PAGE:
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Misha Patel: Self-love, Yoga & The Path Of Motherhood

by Misha Patel

As a yoga teacher of six years, I was keen to keep my yoga practice up during pregnancy and enjoyed the whole process so much. I was lucky, my pregnancy was smooth. I thought I was aware of the importance of postpartum self-care: I was told to take naps, have baths, light candles and eat good food. As the weeks went by, I soon learnt self-care is so much more than a few moments of pampering. Self-care was very much the act of finding love for the person that was born again through the past 9 months, the new me as a mother.

In the thick of sleep deprivation and new motherhood, there were often moments I felt that I had lost my former life. A part of me felt resentful for the things my childless friends were doing and the freedom I had before becoming a mum. The clothes that used to fit stared at me from my wardrobe and I almost felt shock when I looked at my postpartum body. My days rolled into one with the new responsibilities I had for my son, and I waved goodbye to my daily yoga practice for a while.

As a naturally busy person, I found it hard to listen to the advice from my family to “nap when baby naps” until I got too tired to stay awake. The only way I knew I could find myself again was to return to my yoga practice and go inside myself. I had a C-section birth and healing properly was the most important thing. When I got back on my mat it felt like starting from the beginning. Despite the fact I was healing well, I had to get back to basics first - child’s pose, a few down dogs and Pranayama (breathing techniques). 

Misha wears the Bertie Balloon Sleeve Chunky Jumper, Nina High Waisted Skinny Jean and Coral Boots

When Reyan (my son) slept, I attempted to roll out my mat and take things easy. My mind and ego were quick to trick me into rushing. I found myself trying to get through poses, hoping the faster I got back into the postures I did before pregnancy and birth, the faster I’d get my body, and perhaps even my old self back. In these early days, frustration consumed my time on the mat when all I wanted was to feel like ‘me’ again. I knew I had to go back to the roots and philosophy of yoga. I had to find that sweet balance between control and surrender - a place of softness. One of the most central truths of yoga is the practice of ahimsa. It is often translated as non-violence and love for all beings, including ourselves.

I can’t find the specific moment when I finally allowed myself to be kind. I was bombarded by photos of mums ‘snapping back’ into shape and perfect families thanks to social media algorithms. I simply accepted that I was going to let go of my old practice and I felt so much relief. I didn’t need to live in the past and compete with my old self or anyone else, I needed to find presence and care about my new self. I needed to love the new person that was emerging, right from the beginning again on her mat.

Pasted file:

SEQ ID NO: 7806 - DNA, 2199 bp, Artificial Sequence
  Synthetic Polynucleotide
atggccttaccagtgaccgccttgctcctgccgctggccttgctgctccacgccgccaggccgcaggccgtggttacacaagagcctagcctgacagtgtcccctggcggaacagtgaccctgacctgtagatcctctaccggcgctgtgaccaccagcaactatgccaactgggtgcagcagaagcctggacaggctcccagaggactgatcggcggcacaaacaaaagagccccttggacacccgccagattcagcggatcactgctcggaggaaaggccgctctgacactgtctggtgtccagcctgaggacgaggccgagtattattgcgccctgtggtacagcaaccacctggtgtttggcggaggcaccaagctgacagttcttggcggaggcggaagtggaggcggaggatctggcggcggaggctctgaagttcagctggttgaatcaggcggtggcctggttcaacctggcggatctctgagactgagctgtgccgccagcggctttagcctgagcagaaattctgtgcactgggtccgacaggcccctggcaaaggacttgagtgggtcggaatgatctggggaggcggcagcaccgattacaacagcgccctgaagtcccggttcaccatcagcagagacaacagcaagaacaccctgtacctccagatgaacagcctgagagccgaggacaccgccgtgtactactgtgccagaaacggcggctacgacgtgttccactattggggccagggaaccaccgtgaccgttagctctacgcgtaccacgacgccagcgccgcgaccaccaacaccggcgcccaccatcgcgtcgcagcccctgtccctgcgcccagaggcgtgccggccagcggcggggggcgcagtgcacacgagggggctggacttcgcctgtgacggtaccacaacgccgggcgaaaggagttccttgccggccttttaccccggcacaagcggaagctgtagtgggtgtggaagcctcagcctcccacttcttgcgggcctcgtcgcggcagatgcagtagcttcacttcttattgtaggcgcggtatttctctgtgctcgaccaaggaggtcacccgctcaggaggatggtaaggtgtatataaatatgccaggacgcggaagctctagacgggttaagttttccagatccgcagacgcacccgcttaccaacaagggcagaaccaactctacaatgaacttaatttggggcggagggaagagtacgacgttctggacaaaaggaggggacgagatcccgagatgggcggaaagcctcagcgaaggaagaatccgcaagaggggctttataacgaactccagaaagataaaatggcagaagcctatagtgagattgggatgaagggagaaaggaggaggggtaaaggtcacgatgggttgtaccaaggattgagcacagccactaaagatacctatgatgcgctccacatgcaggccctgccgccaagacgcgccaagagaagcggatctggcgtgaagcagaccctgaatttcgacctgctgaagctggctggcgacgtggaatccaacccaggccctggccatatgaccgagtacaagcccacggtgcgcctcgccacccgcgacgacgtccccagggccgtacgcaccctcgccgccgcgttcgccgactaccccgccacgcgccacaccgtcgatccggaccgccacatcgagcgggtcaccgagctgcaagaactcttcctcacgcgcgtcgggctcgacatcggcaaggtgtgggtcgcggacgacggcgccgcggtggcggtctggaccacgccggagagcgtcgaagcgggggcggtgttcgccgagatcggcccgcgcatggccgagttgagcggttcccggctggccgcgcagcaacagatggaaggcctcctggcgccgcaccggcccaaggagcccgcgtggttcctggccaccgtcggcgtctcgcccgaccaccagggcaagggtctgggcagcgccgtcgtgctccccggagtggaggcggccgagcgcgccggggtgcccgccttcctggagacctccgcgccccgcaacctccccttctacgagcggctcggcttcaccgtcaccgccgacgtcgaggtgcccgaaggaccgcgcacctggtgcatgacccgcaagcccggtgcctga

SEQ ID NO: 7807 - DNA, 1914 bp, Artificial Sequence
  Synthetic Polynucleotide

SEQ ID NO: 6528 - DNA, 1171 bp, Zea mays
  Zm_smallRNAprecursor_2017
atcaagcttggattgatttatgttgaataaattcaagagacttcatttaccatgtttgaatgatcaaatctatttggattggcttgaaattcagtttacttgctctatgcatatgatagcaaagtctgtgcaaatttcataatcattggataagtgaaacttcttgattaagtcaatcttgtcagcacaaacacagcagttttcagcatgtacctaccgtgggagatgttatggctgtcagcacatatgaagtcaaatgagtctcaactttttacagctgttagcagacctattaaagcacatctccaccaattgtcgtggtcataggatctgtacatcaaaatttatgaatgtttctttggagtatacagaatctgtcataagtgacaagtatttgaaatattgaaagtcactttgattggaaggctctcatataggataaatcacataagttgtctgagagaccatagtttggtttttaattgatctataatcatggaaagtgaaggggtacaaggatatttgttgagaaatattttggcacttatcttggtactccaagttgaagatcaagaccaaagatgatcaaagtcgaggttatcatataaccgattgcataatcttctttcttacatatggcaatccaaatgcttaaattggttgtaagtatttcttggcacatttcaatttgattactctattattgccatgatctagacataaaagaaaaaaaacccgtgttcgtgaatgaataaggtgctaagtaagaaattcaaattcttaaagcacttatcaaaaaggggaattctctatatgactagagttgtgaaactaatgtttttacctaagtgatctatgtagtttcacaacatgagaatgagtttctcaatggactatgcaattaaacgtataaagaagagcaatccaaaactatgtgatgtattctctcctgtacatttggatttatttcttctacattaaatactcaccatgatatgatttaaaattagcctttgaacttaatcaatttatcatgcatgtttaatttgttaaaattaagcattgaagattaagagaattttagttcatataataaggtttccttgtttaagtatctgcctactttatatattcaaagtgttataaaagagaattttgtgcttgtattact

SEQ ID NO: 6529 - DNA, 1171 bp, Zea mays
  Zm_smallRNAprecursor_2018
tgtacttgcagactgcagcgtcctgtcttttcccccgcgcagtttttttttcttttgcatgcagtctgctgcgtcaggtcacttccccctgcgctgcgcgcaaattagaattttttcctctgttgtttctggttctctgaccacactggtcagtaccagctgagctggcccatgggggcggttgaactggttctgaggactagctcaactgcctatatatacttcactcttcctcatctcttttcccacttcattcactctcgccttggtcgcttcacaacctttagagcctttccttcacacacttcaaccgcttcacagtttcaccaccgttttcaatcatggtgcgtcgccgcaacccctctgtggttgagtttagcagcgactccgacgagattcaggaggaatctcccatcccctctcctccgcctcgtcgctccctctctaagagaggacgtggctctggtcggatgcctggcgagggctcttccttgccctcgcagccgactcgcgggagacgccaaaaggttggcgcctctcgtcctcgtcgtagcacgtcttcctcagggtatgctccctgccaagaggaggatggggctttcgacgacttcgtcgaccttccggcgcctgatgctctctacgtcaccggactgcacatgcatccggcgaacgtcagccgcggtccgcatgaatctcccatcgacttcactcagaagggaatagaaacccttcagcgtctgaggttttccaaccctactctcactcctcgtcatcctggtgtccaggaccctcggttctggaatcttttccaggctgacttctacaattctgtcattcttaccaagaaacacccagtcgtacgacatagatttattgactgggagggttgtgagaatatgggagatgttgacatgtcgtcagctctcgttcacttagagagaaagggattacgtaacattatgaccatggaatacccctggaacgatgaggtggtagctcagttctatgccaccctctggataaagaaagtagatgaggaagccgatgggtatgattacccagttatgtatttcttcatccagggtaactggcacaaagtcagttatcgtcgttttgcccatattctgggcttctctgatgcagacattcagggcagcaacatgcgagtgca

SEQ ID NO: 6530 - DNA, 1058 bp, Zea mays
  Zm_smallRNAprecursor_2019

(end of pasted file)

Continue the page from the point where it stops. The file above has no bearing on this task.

We call this practice Santosha, or contentment/gratitude in yogic philosophy. I started practicing yoga nidra (yogic sleep) and restorative yoga when I had time instead of trying to rush back to my headstands. These practices reminded me of the fundamental power in slowing down and accepting things as they are. I started truly loving my new body for what it is, for housing my son for the last 9 months and continuing to feed him (I also said goodbye to my old boobs!). 

Misha wear a wrap top by ExtraAF and wide leg jeans by Nocturne. 

Everyday tasks that drained me at first became part of a powerful practice. Instead of going to an evening class which I would have done in my former life, I read a precious little book by Emma Dodd to my son called “Love.” The book simply states, with illustrations, the various forms of love between mother and baby. The more I read the book, the more the simple words resonated with me. “Love is when you wake in the morning and look at me, love is when we are talk together happy as can be. Sometimes love is quiet and needs no words at all, love is there to catch you, when you’re about to fall.” I would read the book, smell my son's head, feel his cheeks and breathe slowly. I felt his breath slow down too as he fell asleep in my arms. I finally started to allow myself to soften and feel calmer. I felt deep gratitude for this time I could spend at home, navigating through each day, healing and getting to know this new little person… and the new me.

Now my son is nine months and I am further into the journey of motherhood. There is more work (a lot more crumbs, stains, laundry and running around!) but my practice comes to me every single day and reminds me that yoga is a balance between control and surrender. There is perfection in the chaos of our new lives. Motherhood is Bhakti – translated from Sanksrit as a deep love, gratitude and a calling. I see now that my son is my yoga and being kind to myself is the ultimate act of self-love. It is so much more than bubble baths, candles and naps. It is being able to recognise when we aren’t being kind to ourselves and taking action when we truly need to slow down.

Motherhood is demanding every single day. In order to stay grounded, I personally find there needs to be a continuous melting of the ego. BKS Iyengar, one of my greatest inspirations says, “In bhakti or true love there is no place for ‘I’ and ‘mine’. When the feeling of ‘I’ and ‘mine’ disappears, the individual soul has reached full growth.” Now I am back to teaching, this incredible practice of yoga reminds me of how to find love in the every day. Motherhood has allowed me to truly find the roots of the practice again, both on and off the mat.